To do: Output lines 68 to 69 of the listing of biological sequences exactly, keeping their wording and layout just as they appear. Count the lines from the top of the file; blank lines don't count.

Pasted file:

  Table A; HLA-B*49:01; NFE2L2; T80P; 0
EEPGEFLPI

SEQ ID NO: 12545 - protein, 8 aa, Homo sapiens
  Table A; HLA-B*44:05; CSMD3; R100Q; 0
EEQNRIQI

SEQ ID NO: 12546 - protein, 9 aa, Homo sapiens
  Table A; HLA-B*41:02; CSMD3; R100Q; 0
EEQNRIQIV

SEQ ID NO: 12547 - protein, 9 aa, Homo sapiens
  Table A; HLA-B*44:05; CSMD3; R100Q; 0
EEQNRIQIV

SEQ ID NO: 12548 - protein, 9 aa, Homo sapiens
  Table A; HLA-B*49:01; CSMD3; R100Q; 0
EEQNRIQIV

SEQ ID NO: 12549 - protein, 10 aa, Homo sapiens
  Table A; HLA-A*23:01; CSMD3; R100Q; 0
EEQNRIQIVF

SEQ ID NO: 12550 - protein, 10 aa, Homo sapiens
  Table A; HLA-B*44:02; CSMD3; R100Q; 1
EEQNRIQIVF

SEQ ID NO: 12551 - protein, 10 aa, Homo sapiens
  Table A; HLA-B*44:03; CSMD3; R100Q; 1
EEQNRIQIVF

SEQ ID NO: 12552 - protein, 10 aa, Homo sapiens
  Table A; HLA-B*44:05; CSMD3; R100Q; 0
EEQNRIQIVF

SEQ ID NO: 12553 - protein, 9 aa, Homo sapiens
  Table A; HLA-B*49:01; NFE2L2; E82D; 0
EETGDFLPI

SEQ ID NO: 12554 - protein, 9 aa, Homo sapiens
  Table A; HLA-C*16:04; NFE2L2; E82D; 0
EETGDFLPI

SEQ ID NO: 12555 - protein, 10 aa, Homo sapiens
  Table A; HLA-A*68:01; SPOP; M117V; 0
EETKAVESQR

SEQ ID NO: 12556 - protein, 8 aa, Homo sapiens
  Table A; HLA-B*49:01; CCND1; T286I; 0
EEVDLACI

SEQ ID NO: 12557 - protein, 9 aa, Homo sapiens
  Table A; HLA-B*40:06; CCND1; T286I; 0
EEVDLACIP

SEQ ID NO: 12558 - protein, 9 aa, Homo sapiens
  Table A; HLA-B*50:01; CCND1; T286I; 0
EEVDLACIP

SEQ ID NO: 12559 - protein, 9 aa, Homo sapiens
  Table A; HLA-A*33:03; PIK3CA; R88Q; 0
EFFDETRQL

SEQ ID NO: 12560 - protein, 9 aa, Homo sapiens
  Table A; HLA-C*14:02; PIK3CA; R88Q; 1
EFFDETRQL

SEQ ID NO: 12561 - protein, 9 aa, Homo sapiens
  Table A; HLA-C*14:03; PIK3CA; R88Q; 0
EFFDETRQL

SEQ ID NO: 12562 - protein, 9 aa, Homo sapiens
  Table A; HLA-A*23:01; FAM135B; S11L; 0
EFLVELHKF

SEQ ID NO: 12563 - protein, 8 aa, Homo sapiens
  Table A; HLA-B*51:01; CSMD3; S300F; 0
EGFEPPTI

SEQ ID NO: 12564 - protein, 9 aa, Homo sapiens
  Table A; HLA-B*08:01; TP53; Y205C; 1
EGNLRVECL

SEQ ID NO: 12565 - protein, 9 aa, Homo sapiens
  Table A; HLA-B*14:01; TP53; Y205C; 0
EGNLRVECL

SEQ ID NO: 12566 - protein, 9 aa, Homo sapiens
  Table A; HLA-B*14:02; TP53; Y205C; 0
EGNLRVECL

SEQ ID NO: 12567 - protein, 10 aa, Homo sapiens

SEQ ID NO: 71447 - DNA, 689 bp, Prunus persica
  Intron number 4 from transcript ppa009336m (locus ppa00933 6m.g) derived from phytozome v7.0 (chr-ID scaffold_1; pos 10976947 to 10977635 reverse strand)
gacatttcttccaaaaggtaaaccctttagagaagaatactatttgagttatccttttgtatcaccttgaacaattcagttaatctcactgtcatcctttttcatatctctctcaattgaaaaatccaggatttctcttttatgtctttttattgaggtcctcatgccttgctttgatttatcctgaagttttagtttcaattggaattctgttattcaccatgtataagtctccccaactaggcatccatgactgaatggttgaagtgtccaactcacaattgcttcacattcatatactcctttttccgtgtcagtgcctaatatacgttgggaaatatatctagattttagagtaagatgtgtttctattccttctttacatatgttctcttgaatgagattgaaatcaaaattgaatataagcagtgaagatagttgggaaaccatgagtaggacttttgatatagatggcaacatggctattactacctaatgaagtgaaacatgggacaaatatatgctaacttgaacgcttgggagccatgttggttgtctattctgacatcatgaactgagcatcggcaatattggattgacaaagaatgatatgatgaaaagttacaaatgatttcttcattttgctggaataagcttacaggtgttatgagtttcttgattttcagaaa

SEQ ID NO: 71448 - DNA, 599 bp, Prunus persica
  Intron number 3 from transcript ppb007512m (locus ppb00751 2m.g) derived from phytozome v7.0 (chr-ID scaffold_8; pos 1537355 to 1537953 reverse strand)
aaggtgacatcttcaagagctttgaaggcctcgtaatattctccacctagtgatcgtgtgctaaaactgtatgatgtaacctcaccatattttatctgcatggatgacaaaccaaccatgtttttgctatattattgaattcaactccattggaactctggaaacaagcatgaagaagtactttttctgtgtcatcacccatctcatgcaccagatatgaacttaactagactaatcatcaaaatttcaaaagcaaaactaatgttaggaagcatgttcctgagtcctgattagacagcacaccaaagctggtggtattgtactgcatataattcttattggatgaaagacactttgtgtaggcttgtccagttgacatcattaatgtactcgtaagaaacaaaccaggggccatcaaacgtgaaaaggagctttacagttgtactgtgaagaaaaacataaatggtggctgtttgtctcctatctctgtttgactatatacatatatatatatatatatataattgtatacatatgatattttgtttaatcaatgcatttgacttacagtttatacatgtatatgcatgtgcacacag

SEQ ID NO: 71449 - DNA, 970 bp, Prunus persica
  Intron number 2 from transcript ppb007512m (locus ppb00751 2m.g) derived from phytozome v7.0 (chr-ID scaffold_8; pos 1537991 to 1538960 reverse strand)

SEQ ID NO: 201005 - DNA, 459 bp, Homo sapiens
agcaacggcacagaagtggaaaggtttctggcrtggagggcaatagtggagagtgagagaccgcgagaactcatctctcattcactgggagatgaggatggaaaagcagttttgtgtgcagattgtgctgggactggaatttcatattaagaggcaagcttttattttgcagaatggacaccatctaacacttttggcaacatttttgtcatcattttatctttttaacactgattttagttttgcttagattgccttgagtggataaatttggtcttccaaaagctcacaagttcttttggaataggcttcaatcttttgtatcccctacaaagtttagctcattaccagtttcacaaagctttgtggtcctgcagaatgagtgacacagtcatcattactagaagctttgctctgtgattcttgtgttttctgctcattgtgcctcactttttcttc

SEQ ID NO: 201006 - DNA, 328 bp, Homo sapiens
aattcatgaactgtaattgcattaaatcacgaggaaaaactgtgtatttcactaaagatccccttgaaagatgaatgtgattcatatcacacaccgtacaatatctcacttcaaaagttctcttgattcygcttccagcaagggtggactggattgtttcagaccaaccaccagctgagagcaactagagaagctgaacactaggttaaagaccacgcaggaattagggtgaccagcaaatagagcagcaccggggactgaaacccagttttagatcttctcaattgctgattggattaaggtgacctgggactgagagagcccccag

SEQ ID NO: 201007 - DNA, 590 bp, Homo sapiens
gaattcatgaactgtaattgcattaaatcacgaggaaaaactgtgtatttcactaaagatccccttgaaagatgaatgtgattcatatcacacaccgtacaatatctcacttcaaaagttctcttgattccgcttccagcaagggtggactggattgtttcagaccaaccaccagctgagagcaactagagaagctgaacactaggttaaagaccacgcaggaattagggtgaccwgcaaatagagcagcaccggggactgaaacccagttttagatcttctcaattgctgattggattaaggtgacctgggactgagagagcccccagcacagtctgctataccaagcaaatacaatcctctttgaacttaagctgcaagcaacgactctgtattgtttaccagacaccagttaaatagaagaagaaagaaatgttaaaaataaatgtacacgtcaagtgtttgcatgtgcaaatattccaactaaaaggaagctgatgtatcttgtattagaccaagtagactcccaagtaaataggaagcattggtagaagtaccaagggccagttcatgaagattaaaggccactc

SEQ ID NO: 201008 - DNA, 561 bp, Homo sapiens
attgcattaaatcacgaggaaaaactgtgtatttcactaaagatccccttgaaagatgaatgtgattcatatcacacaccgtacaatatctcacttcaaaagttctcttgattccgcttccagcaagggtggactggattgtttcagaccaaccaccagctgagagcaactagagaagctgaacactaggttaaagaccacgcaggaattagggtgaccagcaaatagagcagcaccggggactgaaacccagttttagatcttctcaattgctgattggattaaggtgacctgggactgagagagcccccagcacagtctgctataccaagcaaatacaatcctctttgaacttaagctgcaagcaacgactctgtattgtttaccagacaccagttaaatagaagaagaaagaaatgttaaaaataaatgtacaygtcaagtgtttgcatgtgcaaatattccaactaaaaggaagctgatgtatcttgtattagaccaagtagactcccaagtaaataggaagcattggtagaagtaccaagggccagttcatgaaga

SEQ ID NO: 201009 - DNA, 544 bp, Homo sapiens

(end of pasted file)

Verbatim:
EGNLRVECL

SEQ ID NO: 12567 - protein, 10 aa, Homo sapiens